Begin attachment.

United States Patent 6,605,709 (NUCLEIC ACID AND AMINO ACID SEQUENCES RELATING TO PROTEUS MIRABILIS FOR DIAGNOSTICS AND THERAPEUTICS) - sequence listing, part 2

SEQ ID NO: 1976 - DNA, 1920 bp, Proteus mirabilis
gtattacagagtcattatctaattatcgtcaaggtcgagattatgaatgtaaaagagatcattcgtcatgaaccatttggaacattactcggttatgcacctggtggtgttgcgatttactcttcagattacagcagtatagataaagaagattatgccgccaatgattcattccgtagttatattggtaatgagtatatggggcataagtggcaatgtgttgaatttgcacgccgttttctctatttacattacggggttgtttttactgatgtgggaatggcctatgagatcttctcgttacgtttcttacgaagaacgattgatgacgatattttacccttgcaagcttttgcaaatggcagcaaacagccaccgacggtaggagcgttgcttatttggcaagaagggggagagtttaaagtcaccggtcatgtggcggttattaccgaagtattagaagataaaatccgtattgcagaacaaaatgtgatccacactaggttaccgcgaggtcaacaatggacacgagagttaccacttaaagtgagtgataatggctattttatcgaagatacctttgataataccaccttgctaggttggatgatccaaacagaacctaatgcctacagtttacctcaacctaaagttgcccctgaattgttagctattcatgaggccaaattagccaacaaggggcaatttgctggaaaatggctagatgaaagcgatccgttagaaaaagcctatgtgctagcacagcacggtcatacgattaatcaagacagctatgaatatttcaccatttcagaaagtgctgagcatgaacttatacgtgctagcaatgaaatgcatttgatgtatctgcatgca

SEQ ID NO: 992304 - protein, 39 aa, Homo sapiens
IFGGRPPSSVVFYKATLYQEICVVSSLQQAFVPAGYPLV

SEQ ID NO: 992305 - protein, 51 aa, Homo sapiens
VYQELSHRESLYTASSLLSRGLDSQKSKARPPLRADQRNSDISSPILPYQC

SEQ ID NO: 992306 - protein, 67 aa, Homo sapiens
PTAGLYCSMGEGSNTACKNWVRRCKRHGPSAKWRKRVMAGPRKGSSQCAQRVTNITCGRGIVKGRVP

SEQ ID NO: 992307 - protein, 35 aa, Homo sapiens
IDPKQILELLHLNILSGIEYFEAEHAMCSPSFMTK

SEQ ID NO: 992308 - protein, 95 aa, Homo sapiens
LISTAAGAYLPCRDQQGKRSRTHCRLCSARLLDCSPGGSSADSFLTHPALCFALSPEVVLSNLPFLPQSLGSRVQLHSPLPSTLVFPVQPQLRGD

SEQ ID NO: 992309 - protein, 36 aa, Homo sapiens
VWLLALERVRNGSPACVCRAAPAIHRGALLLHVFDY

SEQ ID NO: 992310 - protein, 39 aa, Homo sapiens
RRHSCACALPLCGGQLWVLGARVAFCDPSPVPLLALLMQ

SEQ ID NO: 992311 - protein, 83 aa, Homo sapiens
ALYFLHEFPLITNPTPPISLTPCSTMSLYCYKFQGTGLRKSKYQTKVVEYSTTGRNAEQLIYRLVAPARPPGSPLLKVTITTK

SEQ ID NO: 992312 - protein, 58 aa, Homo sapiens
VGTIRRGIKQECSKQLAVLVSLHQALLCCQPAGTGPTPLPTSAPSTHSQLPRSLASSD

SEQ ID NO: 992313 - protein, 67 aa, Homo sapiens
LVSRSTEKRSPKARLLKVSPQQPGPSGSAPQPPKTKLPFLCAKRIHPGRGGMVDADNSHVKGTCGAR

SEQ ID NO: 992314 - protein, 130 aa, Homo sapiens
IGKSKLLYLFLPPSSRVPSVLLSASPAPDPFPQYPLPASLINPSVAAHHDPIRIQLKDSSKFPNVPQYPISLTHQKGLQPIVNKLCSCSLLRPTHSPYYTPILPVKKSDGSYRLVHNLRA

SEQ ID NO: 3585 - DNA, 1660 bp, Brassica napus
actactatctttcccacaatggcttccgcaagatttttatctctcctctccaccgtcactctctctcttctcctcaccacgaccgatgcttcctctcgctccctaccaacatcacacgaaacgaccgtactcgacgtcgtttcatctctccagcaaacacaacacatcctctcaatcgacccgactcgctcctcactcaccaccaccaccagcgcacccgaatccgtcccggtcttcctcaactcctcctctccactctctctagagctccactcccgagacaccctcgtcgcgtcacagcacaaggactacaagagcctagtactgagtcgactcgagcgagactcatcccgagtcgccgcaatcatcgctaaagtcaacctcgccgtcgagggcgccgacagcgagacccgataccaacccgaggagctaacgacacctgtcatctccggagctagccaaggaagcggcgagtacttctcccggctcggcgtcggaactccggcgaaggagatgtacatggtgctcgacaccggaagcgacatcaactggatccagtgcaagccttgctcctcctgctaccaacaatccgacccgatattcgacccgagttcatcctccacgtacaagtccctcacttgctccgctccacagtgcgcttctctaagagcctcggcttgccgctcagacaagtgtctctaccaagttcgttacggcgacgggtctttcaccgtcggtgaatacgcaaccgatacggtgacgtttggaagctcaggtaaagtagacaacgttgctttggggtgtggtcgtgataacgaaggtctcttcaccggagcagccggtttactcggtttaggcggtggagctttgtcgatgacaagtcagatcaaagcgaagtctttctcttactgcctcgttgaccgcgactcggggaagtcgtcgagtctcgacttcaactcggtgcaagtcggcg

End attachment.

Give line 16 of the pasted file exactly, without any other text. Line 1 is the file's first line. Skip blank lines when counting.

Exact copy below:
SEQ ID NO: 992310 - protein, 39 aa, Homo sapiens